Mesectodermal leiomyoma of the ciliary body is a rare tumor originating from smooth muscle, having both muscular and neural differentiation.1 The first case was reported in 1977, and so far 24 cases have been reported.1 It should be considered in the differential diagnosis of an amelanotic melanoma, especially in young people. Herein, we report a case of mesectodermal iridociliary leiomyoma in a young man, showing the results of ultrasound biomicroscopy, 3-T magnetic resonance imaging, histology, and immunohistochemistry. The tumor was excised en bloc by a transscleral approach and later treated with ruthenium 106 plaque brachytherapy. Report of a Case A 20-year-old man was referred to our department because a slow-growing red mass had been visible on the right iris for 3 months. Visual acuity was 20/20 OU. Slitlamp examination revealed a vascularized mass extending from the 3-o’clock position to the 5-o’clock position on the iris, pushing the iris root centrally. The lesion measured 4.5 × 2.0 mm (Figure 1A). Gonioscopy showed the mass extending into the open anterior chamber angle. Transillumination showed enhanced transmission of light within the mass extending into the ciliary body. The intraocular pressure and fundus were normal. The left eye examination findings were unremarkable. Ultrasound biomicroscopy revealed a low reflective iridociliary mass measuring 9.7 × 6.8 mm with a prominence of 5.6 mm including the sclera (Figure 1B). A well-defined mass located in the ciliary body and iris was seen on 3-T magnetic resonance imaging; it was hyperintense on T1-weighted imaging with marked enhancement after gadolinium administration (Figure 1C and D). Although the clinical diagnosis was a leiomyoma, a biopsy was performed based on the patient's and his family's wish. This established the smooth muscle nature of the tumor. The therapeutic options were discussed with the patient and his family, and excision was chosen. Transscleral en bloc excision of the tumor was performed by one of us (G.P.M.L.) by peeling the suprauveal tumor off the ciliary body under a large deep scleral flap, thus sparing the iris, ciliary body stroma, and choroidal tissue.2 Histopathology revealed bundles of elongated spindle cells with oval nuclei and eosinophilic cytoplasm composed of nonbranching fibrils. Immunohistochemistry showed positive results for α–smooth muscle actin, desmin, caldesmon, CD56, and neuron-specific enolase and negative results for S-100 protein and HMB-45 (Figure 2A-C). Therefore, diagnosis of an iridociliary mesectodermal leiomyoma was confirmed. The postoperative result was excellent, with a normal appearance of the iris (Figure 2D). To avoid any recurrences given that small remnants of the tumor were left in situ, a ruthenium 106 CCB plaque delivering 108 Gy (to convert gray to rad, multiply by 100) at 2.4 mm was applied over the excised area. View LargeDownload Figure 1. Preoperative slitlamp photograph, ultrasound biomicroscopy image, and magnetic resonance images. A, Slitlamp photograph shows a vascular lesion in the nasal iris of the right eye pushing the normal iris tissue centrally. B, Ultrasound biomicroscopy shows a low reflective solid mass arising from the ciliary body and involving the iris. C, Axial magnetic resonance image shows a well-defined mass (arrow) in the ciliary body and iris of the right eye. The lesion is hyperintense to the vitreous on the T1-weighted image with fat suppression. D, A T1-weighted magnetic resonance image shows the same lesion (arrow) with marked enhancement after gadolinium administration. View LargeDownload Figure 2. Histologic findings and postoperative slitlamp photograph. A, The tumor removed in this case had elongated spindle cells with oval nuclei (hematoxylin-eosin, original magnification ×40). B, Tumor cells had immunoreactivity for CD56 antigen (original magnification ×40). C, Tumor cells had positive staining with neuron-specific enolase (original magnification ×40). D, Slitlamp photograph of the same eye 20 days after the excision of tumor shows no iris defect. Comment Mesectodermal leiomyoma of the ciliary body originates from the mesectodermal smooth muscle cells derived embryologically from the neural crest origin. Differential diagnoses include amelanotic melanoma, metastases, schwannomas, and adenocarcinoma of ciliary body. It was impossible to distinguish intraocular leiomyoma from amelanotic melanomas without histochemistry.3 Now, the correlation of marked enhancement of leiomyoma demonstrated after gadolinium administration on T1-weighted imaging as compared with moderate enhancement in melanoma can give a diagnostic clue for leiomyoma as shown in our case.2,4,5 To date, immunohistochemistry has found only 3 cases positive for CD56 and caldesmon, while only 2 were positive for neuron-specific enolase.1,6 Our case also showed positive results for all of these markers. Although mesectodermal leiomyoma is a benign lesion, it can grow and cause complications such as lens subluxation and secondaryglaucoma and can extend extrasclerally. For these reasons and for diagnostic confirmation, surgery is necessary. Transscleral resection as performed in our case allows excision of the tumor without any postoperative iris defect, avoiding potential photophobia, astigmatism, or other aberrations or decreased vision, and leads to good cosmetic results. Back to top Article Information Correspondence: Dr Luyten, Department of Ophthalmology, Leiden University Medical Center, Albinusdreef 2, 2300 RC, Leiden, the Netherlands (firstname.lastname@example.org). Financial Disclosure: None reported. References 1. Koletsa T, Karayannopoulou G, Dereklis D, Vasileiadis I, Papadimitriou CS, Hytiroglou P. Mesectodermal leiomyoma of the ciliary body: report of a case and review of the literature. Pathol Res Pract. 2009;205(2):125-13018930601PubMedGoogle ScholarCrossref 2. Shields JA, Shields CL, Eagle RC Jr, De Potter P. Observations on seven cases of intraocular leiomyoma: the 1993 Byron Demorest Lecture. Arch Ophthalmol. 1994;112(4):521-5288155052PubMedGoogle ScholarCrossref 3. Foss AJ, Pecorella I, Alexander RA, Hungerford JL, Garner A. Are most intraocular “leiomyomas” really melanocytic lesions? Ophthalmology. 1994;101(5):919-9248190481PubMedGoogle Scholar 4. Richter MN, Bechrakis NE, Stoltenburg-Didinger G, Foerster MH. Transscleral resection of a ciliary body leiomyoma in a child: case report and review of the literature. Graefes Arch Clin Exp Ophthalmol. 2003;241(11):953-95714595565PubMedGoogle ScholarCrossref 5. Potter DP, Shields JA, Shields CL. Tumors of the uvea. In: Potter DP, Shields JA, Shields CL, eds. MRI of the Eye and Orbit. Philadelphia, PA: JB Lippincott; 1995:58 6. Odashiro AN, Fernandes BF, Al-Kandari A, Gregoire FJ, Burnier MN Jr. Report of two cases of ciliary body mesectodermal leiomyoma: unique expression of neural markers. Ophthalmology. 2007;114(1):157-16117070579PubMedGoogle ScholarCrossref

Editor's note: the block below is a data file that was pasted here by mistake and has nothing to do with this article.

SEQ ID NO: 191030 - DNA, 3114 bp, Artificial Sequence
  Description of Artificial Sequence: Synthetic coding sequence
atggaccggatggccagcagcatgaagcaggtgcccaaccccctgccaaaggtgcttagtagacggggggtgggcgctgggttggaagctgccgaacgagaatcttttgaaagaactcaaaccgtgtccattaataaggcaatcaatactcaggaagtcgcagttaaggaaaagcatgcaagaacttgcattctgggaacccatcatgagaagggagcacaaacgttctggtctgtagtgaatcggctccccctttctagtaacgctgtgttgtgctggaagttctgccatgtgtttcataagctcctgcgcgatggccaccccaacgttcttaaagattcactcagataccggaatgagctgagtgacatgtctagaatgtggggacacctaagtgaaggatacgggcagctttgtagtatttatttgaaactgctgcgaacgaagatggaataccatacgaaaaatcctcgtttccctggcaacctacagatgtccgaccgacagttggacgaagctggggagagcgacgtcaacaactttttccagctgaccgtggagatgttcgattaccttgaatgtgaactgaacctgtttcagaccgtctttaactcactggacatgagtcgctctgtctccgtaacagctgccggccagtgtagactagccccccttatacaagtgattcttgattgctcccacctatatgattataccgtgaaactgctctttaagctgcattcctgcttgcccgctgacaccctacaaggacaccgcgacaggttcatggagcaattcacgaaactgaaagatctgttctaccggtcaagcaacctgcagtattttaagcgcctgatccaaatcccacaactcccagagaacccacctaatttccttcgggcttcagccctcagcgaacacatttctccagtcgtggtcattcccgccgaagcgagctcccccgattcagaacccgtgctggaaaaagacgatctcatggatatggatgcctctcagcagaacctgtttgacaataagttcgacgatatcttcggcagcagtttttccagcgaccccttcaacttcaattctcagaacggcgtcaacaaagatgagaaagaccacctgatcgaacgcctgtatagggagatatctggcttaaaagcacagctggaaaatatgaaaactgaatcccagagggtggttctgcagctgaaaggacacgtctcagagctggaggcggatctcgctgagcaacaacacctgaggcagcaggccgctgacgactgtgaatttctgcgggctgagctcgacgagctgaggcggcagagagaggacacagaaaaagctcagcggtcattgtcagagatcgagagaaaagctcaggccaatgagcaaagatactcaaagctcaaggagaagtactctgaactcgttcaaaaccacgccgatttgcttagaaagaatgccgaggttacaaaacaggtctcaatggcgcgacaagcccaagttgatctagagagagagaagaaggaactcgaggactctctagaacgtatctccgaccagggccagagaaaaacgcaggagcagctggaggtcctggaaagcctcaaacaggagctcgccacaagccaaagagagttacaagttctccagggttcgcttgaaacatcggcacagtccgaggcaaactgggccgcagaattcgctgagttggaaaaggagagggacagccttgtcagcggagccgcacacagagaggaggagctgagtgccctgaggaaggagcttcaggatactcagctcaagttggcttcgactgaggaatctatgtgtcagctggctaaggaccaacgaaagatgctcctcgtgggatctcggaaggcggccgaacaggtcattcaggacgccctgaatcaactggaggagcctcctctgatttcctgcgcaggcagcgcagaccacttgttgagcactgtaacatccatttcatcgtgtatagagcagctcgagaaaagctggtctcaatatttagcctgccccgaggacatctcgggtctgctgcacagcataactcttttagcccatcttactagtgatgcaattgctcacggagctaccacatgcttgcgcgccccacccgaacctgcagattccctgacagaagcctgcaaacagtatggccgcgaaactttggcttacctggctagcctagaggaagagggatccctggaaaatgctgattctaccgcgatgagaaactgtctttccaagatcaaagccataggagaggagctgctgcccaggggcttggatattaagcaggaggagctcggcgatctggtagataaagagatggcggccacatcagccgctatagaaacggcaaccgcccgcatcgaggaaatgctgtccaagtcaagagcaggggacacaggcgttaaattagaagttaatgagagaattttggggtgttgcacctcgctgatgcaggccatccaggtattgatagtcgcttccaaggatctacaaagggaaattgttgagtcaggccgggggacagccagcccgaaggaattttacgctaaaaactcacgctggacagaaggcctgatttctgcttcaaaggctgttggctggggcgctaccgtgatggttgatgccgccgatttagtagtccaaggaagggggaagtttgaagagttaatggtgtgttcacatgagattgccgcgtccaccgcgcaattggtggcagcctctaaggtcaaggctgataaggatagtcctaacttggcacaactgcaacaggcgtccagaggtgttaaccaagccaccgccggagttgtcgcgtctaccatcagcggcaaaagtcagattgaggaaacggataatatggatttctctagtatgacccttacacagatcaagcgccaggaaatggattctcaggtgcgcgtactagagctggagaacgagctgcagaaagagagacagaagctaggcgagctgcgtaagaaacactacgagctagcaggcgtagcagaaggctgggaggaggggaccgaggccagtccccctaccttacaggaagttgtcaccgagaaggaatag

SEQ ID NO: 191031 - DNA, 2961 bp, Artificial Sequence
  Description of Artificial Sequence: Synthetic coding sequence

Archives of Ophthalmology – American Medical Association
Published: Dec 1, 2011